The extras have a nice healthy selection to them with some neat items. The standards are here such as the illustration gallery and the clean opening and ending sequences. One cute piece is the PKO Live! Concert that runs about five minutes in length. The big extra that is sure to get the attention of fans of this material is the Koge-Donbo commentary track provided with the third episode on this disc.

Content: (please note that content portions of a review may contain spoilers)
After several years worth of very cute Di Gi Charat episodes, manga and more, the time came that they decided to tell the story from another point of view and show exactly the motivations behind what Piyoko is up to and let her have her origin story. The resulting short series, Leave it to Piyoko, is an interesting twist on the established stories while letting the bad guys have their day. Told in fifteen minute segments, we get the background episodes first and then the time on Earth as Piyoko and the Black Gema Gema Gang make their moves against the princess Di Gi Charat.

The show opens on Planet Analogue where we're introduced to the cute princess Pycola, affectionately called Piyoko, who ends all of her sentences with the pyo sound just like Di Gi Charat's nyo sound. Piyoko is in the care of a group of three men that we're slowly introduced to. Rik is the General of the Black Gema Gema gang and is a top notch doctor, Ky is the Lieutenant General of the gang and is an excellent dentist while Coo is the major and is basically Piyoko's childhood friend and physician. All three of them have the job of keeping her healthy and happy while Piyoko's parents are away. It's revealed early on that her parents are in hiding or possibly dead until she's several years older and can take over the planet for the family as they failed in their attack on their sister planet where Di Gi Charat comes from. As a result, Planet Analogue is dirt poor and its people are pretty much living in poverty but still are mostly happy.

As such, it's hard for the three members of the gang to make money in the normal way through their medical professions since nobody has any money for it. Even when they try to be cut throat and evil about it by not accepting patients who are sick, they end up treating them anyway. As evil as they want to be, they're still pretty good people. But the need to feed their most favored girl is strong and after explaining the situation about her parents to Piyoko, they try to figure out a way of making money off of the sister planet so that Piyoko can become the new queen of Analogue and make everyone happy. Since her parents failed at a full on invasion, it's decided that they'll kidnap the princess instead and ransom her for money. Even better, she's not even on her home planet now but on Earth and mostly defenseless.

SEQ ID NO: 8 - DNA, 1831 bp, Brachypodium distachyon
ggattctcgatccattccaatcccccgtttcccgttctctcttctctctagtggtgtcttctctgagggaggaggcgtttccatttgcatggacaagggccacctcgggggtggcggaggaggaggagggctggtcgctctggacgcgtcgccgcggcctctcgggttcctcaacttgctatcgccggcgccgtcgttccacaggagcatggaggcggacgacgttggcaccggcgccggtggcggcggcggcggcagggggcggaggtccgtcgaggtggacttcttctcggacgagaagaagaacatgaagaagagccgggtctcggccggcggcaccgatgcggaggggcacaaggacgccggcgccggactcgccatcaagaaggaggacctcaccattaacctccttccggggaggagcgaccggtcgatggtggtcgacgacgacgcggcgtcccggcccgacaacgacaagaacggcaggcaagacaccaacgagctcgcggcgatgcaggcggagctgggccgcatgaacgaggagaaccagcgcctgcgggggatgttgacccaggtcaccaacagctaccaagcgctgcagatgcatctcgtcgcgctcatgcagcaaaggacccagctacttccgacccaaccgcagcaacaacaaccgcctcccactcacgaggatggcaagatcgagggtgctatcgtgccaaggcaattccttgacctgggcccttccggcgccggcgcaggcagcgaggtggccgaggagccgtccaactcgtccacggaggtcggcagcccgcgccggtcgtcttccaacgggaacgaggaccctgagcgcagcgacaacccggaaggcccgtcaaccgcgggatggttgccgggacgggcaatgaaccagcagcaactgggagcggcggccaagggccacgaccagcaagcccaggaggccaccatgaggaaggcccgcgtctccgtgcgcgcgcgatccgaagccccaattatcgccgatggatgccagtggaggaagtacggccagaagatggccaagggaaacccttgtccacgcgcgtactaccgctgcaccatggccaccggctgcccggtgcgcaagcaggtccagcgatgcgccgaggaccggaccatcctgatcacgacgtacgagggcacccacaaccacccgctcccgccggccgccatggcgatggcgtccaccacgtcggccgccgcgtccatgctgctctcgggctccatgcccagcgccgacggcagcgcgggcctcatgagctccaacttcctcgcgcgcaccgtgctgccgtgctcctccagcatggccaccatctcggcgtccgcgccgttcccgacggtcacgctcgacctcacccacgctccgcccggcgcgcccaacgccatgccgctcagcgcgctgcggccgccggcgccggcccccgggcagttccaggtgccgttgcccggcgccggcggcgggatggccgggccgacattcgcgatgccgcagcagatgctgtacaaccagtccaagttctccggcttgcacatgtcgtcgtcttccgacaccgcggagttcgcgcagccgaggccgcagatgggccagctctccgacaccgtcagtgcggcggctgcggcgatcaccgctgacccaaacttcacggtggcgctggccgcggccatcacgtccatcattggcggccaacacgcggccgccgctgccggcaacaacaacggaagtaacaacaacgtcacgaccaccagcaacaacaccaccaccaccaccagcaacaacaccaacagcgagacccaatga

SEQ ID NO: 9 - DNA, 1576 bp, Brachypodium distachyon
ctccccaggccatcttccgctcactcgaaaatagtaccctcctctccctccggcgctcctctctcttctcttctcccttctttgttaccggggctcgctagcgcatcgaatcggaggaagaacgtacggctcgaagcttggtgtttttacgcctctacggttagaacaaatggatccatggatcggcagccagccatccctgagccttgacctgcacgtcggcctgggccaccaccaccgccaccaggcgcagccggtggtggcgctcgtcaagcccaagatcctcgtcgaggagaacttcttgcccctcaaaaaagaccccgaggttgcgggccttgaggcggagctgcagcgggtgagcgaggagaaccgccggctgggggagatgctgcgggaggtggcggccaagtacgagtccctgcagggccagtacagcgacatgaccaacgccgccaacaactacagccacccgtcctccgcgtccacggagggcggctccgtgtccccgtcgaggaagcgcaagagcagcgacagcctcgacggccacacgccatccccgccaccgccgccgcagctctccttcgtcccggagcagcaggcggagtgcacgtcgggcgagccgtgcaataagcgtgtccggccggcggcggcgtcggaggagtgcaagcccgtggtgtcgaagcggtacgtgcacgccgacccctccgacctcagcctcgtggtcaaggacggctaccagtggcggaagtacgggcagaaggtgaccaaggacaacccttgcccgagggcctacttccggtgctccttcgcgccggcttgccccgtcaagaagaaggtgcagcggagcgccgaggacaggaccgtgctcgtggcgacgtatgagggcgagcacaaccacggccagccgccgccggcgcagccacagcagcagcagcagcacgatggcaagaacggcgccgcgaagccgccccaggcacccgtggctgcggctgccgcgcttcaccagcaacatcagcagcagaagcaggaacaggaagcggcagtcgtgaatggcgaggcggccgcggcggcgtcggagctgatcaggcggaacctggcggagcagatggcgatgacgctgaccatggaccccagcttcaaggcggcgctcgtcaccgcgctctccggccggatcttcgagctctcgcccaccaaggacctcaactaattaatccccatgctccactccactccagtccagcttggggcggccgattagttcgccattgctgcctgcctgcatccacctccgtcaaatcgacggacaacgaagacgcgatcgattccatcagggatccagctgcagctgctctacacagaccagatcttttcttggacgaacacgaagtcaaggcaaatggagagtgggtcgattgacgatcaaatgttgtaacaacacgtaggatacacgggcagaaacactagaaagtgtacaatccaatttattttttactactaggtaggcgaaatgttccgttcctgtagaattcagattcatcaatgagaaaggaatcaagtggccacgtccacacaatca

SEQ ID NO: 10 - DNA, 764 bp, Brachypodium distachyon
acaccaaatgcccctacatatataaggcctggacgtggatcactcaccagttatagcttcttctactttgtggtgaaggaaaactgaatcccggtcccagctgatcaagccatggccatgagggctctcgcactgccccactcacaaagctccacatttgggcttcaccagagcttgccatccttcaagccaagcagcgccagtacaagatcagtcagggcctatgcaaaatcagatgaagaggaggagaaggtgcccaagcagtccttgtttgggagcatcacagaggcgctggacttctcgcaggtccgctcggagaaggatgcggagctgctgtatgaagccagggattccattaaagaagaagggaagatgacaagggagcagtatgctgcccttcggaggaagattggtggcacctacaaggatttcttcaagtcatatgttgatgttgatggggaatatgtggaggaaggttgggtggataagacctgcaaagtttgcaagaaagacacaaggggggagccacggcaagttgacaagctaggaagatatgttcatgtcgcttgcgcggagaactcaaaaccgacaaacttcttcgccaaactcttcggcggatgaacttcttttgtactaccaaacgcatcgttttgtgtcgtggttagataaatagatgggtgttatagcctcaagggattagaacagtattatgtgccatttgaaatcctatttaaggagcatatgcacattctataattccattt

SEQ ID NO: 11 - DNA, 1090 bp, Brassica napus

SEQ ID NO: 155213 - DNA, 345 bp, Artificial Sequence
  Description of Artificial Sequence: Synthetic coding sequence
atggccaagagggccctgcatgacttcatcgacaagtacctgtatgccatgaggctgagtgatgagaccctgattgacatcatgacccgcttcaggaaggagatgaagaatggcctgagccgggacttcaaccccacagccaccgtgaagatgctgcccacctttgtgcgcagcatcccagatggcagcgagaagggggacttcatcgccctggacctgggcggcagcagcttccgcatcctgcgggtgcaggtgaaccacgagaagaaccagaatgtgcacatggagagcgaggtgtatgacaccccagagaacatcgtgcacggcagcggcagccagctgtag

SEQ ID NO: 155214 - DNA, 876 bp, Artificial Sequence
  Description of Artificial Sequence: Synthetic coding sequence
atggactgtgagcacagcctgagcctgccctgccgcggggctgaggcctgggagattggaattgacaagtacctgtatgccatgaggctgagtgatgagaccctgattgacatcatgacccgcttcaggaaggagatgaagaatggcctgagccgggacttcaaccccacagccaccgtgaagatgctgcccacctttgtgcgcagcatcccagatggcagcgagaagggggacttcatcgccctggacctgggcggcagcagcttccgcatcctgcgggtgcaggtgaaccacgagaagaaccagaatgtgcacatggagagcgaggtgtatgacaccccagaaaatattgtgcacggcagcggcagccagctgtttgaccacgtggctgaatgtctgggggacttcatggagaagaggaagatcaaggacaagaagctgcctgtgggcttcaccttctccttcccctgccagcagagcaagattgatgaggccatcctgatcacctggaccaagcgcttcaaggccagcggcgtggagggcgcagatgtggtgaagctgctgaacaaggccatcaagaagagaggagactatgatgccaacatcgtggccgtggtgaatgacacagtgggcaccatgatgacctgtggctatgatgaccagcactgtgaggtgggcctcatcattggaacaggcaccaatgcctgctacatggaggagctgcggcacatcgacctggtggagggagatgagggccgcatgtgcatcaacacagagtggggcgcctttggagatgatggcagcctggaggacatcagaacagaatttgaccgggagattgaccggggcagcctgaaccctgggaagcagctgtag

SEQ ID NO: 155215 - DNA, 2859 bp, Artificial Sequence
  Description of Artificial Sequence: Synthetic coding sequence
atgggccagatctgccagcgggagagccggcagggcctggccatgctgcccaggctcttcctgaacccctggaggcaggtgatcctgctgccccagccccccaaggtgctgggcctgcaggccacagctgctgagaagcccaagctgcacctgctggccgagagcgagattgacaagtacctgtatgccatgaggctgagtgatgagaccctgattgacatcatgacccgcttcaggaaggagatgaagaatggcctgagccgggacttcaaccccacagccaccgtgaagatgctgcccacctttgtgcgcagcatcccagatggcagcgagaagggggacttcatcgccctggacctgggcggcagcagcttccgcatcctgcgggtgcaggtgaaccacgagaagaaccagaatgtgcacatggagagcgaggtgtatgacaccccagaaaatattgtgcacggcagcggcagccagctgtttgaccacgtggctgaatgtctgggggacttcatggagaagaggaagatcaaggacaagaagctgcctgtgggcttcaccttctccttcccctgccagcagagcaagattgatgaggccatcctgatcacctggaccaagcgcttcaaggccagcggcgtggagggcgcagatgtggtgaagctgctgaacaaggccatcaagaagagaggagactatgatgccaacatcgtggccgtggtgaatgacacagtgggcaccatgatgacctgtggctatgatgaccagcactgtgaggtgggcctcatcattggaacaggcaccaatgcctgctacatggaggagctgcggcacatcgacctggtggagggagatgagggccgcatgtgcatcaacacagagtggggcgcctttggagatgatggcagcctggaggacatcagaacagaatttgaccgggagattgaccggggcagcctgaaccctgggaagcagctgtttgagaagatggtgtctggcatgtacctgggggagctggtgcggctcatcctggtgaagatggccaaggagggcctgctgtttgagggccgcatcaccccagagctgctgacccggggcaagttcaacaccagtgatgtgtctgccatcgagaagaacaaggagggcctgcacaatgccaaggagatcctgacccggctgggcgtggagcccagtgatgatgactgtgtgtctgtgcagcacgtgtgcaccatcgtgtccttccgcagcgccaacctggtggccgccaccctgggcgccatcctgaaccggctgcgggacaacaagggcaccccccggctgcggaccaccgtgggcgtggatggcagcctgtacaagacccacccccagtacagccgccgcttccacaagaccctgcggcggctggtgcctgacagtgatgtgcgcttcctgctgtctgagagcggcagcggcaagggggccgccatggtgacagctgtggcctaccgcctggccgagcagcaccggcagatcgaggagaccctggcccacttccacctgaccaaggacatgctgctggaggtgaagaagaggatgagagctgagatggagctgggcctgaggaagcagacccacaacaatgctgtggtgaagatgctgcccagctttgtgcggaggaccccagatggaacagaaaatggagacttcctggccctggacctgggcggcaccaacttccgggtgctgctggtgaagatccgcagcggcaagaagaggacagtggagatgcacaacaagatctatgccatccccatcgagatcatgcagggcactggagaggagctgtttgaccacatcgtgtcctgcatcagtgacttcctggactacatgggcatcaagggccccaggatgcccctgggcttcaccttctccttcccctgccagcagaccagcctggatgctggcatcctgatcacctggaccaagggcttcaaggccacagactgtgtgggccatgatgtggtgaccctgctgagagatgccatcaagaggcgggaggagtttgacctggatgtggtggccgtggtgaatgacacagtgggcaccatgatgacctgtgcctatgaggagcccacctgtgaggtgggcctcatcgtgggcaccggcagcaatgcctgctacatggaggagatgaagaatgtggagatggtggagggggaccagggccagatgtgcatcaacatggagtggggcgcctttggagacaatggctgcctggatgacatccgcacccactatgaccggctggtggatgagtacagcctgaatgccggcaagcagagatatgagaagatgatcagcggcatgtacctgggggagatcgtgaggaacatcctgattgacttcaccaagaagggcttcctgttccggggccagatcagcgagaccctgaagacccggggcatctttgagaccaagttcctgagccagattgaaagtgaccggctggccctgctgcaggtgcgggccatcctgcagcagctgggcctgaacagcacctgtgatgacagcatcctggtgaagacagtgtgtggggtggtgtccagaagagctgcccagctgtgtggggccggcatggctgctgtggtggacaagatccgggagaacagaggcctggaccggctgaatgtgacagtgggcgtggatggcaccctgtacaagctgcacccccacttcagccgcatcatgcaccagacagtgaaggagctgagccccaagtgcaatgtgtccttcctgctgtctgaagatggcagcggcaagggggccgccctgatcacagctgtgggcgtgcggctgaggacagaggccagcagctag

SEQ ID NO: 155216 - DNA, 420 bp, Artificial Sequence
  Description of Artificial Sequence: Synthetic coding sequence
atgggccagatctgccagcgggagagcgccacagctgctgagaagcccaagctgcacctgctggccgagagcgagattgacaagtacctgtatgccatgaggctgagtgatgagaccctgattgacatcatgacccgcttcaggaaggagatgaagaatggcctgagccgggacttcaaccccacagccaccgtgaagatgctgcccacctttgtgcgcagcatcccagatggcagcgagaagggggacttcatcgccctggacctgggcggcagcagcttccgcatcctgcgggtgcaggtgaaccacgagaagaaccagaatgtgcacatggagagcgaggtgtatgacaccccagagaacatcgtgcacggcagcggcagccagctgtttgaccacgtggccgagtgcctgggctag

So after a few episodes of introductions and exposition done in a very cute and comical manner, the show moves to Earth where we see Piyoko and her gang trying to come up with ways to kidnap Dejiko so they can ransom her off. The methods are just cute, especially considering the kind of members she has in her gang beyond the three pretty boys who make up her top guys. Dejiko and the others are a lot of fun in this as well as they play up their usual roles and they look fantastic in this very slick looking production. The animation and colors done through the digital format really shine here and make you wish they'd re-examine the original episodes, which as cute and fun as they are in the traditional method, would just be so much smoother and shinier if done this way.

In Summary:
With the four episodes on here, the show goes by very fast overall and it's fun to watch. It very much keeps to the style and nature of the Di Gi Charat show itself and Piyoko is more than able to carry it off on her own but she brings her own sense of style to it so that it doesn't feel like we're watching a retread of what we've seen before. The animation is great, the characters are a lot of fun to watch and the commentary track by Koge-Donbo is practically worth the price of admission alone if you're interested in the little oddities behind the character and setting designs. This is good simple fun and one that can be shared with the entire family at that, if you're willing to hear your kids add pyo or nyo to the end of their sentences for days to come.

Features
Japanese 2.0 Language,English 2.0 Language,English Subtitles,Illustration Gallery,Commentary by Koge-Donbo (Creator),Creditless opening & ending songs

Review Equipment
Panasonic PT50LC13 50" LCD RP HDTV, Zenith DVB-318 RP-82 Progressive Scan codefree DVD player via DVI with upconversion set to 720p, Sony STR-DE835 DD/DTS receiver, Monster component cable and Panasonic SB-TP20S Multi-Channel Speaker System With 100-Watt Subwoofer.